Of all the cars in current production, the Smart Fortwo is perhaps the most obvious candidate for conversion to electric drive. Its upright construction allows an electric motor and batteries to be accommodated under the floor without eating into passenger or luggage space, while it is typically used for short urban journeys, which means that the main problem associated with today's battery technology, limited range, is much less likely to be a concern than it is with cars subject to a more varied pattern of use.
Compared with their petrol and diesel driven counterparts, electric cars also offer snappy acceleration from rest, but can run out of puff a bit at higher speeds, a profile better suited urban use than long runs. Finally, while the CO2 emission benefits of electric cars are disputed – the problem is shifted from the tailpipe to the power station, rather than eliminated altogether – the absence of exhaust emissions means local air quality still benefits from the introduction of electric vehicles (EVs), an advantage likely to be felt most keenly in the built-up areas that are the Smart's natural territory.
Given all that, it's rather frustrating that it's taking so long for a full production version of the Smart Fortwo Electric Drive to make it onto the market, but it appears that this goal is now in sight. Smart conducted extensive initial trials from 2007 with a battery-powered version of the Fortwo, although these were carried out with first generation versions of the car after the current second-generation model had already been introduced, and used sodium-nickel chloride batteries rather than the lithium-ion technology that is being adopted by the rest of the industry.
Now, though, there is an electric version of the second-generation car, with lithium-ion batteries, that has been in limited production since November last year and will be tested in 15 countries in a trial involving 1500 vehicles; the first UK participants have already had their cars for a few weeks.
I recently had the chance to drive this new electric Smart on a short route in Germany, and it appears to live up to its promise. Initial acceleration is lively, and the electric motor is smooth and quiet, while handling seems to be largely unaffected by any changes to the level or distribution of weight compared with the standard car, at least at urban speeds.
Another pleasant aspect of the Smart Electric Drive is that it does without the rather hesitant semi-automatic gearbox that is used in the petrols and diesels and instead delivers its power in a smooth, steady stream when required.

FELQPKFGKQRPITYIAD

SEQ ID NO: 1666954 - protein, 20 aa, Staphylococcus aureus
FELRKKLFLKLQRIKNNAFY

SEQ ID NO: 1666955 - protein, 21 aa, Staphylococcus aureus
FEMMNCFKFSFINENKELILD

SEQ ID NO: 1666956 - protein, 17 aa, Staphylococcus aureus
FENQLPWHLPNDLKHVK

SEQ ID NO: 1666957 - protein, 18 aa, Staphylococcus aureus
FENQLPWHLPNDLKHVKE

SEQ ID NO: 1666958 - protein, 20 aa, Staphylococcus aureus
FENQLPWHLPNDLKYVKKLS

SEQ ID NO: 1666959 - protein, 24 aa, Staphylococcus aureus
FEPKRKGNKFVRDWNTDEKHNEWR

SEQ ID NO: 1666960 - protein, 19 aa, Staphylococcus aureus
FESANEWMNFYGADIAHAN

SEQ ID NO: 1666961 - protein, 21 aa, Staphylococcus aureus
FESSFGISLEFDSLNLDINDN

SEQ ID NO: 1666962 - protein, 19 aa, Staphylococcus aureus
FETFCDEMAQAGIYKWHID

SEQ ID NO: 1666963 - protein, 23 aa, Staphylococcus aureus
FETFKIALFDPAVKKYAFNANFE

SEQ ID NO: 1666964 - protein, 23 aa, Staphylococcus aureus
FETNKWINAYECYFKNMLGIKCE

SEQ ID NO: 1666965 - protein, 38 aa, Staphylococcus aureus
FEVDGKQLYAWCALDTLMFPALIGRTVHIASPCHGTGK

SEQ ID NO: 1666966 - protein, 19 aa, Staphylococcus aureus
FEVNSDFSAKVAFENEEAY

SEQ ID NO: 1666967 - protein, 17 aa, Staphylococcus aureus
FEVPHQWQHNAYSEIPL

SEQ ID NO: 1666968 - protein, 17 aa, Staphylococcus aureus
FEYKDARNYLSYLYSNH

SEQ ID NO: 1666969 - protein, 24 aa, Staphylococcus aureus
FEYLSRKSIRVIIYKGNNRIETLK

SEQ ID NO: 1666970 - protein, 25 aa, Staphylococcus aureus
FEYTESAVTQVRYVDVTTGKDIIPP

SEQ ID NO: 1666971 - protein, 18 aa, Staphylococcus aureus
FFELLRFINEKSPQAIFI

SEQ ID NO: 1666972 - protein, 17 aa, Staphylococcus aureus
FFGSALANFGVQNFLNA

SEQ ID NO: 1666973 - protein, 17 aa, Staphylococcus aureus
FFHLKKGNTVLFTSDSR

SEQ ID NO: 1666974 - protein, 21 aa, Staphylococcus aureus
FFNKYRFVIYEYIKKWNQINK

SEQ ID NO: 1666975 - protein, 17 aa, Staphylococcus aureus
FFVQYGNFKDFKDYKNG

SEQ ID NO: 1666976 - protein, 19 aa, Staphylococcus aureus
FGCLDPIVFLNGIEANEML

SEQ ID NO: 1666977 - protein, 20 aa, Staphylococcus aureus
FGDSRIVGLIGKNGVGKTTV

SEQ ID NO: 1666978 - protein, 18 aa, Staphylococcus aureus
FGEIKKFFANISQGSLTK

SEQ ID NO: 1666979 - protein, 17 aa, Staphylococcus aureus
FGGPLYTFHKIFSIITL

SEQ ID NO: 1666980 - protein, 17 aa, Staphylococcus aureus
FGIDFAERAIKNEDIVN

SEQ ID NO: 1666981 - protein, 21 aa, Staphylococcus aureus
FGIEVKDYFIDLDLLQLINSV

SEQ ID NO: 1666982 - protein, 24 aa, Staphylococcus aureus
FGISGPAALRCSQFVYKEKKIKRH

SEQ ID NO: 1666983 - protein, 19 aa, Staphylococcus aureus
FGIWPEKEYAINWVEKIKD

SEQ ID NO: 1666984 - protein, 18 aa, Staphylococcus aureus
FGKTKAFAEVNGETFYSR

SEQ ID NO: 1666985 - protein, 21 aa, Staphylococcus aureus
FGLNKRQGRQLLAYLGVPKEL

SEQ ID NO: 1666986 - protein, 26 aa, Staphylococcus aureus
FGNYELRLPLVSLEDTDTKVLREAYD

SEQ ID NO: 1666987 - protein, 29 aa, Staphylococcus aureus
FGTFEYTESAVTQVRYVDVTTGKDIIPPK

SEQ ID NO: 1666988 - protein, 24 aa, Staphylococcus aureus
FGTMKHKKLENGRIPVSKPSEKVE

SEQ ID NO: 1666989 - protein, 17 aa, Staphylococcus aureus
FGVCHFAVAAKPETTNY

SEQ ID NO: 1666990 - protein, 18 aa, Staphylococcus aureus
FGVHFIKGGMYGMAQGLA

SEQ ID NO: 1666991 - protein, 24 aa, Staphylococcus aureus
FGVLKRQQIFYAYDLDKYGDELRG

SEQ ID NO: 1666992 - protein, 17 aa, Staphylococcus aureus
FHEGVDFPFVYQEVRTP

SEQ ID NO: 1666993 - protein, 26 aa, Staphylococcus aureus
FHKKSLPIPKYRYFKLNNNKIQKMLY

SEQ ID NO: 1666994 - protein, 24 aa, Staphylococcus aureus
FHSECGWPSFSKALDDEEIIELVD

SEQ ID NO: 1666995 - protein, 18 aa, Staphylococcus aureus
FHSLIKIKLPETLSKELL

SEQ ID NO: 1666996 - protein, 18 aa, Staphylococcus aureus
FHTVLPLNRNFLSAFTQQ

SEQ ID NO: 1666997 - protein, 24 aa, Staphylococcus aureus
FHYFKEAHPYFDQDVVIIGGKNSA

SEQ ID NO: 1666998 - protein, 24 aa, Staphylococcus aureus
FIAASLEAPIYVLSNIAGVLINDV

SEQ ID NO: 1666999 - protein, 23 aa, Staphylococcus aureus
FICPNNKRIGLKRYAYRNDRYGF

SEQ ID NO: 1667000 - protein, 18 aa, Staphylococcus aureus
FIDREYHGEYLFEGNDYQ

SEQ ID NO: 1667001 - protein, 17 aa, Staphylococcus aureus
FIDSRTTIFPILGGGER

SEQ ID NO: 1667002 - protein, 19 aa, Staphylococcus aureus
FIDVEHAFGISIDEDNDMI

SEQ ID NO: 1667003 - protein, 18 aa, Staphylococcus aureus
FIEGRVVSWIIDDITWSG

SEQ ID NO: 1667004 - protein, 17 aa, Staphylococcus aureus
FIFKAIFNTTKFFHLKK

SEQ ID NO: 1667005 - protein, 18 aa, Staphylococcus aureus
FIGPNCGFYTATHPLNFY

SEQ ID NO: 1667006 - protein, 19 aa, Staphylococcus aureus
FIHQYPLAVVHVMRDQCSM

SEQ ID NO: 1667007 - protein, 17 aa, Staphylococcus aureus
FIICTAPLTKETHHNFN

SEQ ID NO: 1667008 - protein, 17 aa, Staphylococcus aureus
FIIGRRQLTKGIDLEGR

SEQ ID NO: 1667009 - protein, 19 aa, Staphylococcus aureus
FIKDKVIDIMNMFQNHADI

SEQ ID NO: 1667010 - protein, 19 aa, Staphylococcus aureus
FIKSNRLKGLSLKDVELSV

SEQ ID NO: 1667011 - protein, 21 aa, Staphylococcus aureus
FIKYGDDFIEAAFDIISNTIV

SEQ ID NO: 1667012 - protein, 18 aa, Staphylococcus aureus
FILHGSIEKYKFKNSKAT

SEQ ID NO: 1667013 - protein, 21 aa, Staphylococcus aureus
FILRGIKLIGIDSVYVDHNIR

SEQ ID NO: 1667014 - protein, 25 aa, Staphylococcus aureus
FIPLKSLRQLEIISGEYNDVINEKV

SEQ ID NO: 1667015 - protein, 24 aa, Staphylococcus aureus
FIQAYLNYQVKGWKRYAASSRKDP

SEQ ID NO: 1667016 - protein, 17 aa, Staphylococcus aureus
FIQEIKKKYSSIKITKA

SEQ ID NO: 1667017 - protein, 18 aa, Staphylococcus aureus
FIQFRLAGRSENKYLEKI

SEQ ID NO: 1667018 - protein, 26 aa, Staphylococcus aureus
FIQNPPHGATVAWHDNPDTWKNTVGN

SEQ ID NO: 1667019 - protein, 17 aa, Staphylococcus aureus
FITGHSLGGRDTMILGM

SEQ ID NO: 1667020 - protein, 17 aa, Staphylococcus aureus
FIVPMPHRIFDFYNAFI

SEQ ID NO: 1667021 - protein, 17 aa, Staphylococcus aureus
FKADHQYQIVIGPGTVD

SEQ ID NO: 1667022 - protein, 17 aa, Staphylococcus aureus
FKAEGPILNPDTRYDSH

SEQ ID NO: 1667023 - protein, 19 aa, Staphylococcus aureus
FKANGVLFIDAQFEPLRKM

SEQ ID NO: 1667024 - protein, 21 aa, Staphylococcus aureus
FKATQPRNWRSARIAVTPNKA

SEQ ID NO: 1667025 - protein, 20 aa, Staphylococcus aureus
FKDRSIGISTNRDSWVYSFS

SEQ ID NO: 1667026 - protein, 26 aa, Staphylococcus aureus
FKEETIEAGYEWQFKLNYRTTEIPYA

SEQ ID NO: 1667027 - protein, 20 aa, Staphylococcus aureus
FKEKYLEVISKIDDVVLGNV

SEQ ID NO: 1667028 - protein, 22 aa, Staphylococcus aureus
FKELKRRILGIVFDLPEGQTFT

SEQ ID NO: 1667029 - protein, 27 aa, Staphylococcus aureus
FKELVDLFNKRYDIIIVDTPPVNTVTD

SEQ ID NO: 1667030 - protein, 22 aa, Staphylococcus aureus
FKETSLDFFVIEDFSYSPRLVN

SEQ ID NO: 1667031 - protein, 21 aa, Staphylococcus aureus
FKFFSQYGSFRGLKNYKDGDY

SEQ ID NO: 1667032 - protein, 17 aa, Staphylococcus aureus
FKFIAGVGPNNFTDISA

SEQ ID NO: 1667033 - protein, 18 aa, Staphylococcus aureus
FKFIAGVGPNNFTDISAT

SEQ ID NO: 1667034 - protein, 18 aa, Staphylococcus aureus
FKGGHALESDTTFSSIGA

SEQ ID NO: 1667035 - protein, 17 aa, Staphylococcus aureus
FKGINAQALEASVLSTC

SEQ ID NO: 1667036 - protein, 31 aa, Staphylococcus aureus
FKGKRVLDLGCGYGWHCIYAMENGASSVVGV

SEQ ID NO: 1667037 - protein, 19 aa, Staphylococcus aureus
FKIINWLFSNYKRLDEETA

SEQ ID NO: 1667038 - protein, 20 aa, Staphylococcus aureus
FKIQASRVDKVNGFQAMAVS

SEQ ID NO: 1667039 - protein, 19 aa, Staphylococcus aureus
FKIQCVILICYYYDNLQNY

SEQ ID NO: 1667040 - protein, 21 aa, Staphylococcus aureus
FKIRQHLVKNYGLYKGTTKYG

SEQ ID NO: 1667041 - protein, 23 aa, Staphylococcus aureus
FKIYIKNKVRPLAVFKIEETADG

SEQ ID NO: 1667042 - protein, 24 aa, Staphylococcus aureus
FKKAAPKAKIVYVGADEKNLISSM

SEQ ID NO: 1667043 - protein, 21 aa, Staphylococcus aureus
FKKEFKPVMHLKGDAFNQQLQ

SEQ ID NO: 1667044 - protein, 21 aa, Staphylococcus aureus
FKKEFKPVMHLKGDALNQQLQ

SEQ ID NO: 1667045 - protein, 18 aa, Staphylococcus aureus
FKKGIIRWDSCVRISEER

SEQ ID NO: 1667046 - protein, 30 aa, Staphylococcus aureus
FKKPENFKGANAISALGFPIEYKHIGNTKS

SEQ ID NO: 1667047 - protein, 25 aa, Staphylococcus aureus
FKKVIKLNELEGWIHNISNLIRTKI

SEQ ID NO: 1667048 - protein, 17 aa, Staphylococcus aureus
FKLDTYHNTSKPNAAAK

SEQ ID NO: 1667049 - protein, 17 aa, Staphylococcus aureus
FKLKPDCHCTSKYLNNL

Some other EVs, such as the Mitsubishi i-MiEV and Mini E, feel as if they have even sharper acceleration than the Smart, but if anything, those cars appear to have a surfeit of power, given the sorts of use to which they are likely to be put, and most people who have driven them tend to ask whether a little of that performance couldn't be traded for range instead, which would be more useful.
The interior of the second-generation Fortwo Electric Drive is very similar to that of the standard car, apart from a couple of dials that help the driver monitor battery use. The battery is charged via a socket that is accessed via what would be the fuel-filler flap on the diesel and petrol powered versions.
One optional feature that is likely excite plenty of interest is an "intelligent electric drive app" for the iPhone, which provides information on subjects such battery charge and range, and the location of nearby charging points. The app itself costs only a few quid but the full Smart Drive kit, which includes the bracket for connecting the iPhone to the Smart's is rather pricier.
The Fortwo Electric Drive feels like a finished product but won't go on general sale until 2012. Smart will have no difficulty convincing buyers that it works – and works well. A bigger challenge will be getting the financial sums to add up, both for the customers and the company; battery technology is expensive and that means EVs are expensive too.
Manufacturers and governments have been willing to subsidise the sector to some extent but the new coalition government in the UK is taking a more sceptical line than its predecessor, introducing an element of uncertainty as well. A dispute has also erupted in the trade concerning alternative financing models for EVs, in particular over the possibility of leasing batteries separately from the cars to which they are fitted.
I haven't the faintest idea what a Smart Fortwo Electric Drive will cost when it eventually goes on general sale in the UK and I suspect the company itself isn't much wiser.
The Smart Fortwo Electric Drive is probably, along with the Mitsubishi i-MiEV, the most convincing EV adaptation of an existing production model. I suspect that it is no coincidence that the standard versions of these cars share a similar mechanical layout, with the engines mounted low down between the rear wheels, making it easier to slot in the electric technology in its place without eating into passenger and luggage space, unlike the badly compromised – in this respect, at least – Mini E, which loses its back seat completely during the EV conversion process.
But the technology is advancing rapidly and several new cars, such as the Nissan Leaf, designed as purpose-built EVs from the ground up, are on their way; Smart will need to be quick if it is going to stay ahead or even keep up
Smart Fortwo Electric Drive (second-generation model)
Price: N/A (trial vehicle, general availability from 2012)
Propulsion technology: electric motor powered by 16.5 kW h lithium-ion battery pack
Claimed range: 135km (approx. 84 miles) according to NEDC (New European Driving Cycle) standard
Power: 30Kw = 41 horsepower (PS)
Torque: 120 Newton metres
Acceleration: 0-60km/h (37mph) in 6.5 seconds.Reuse content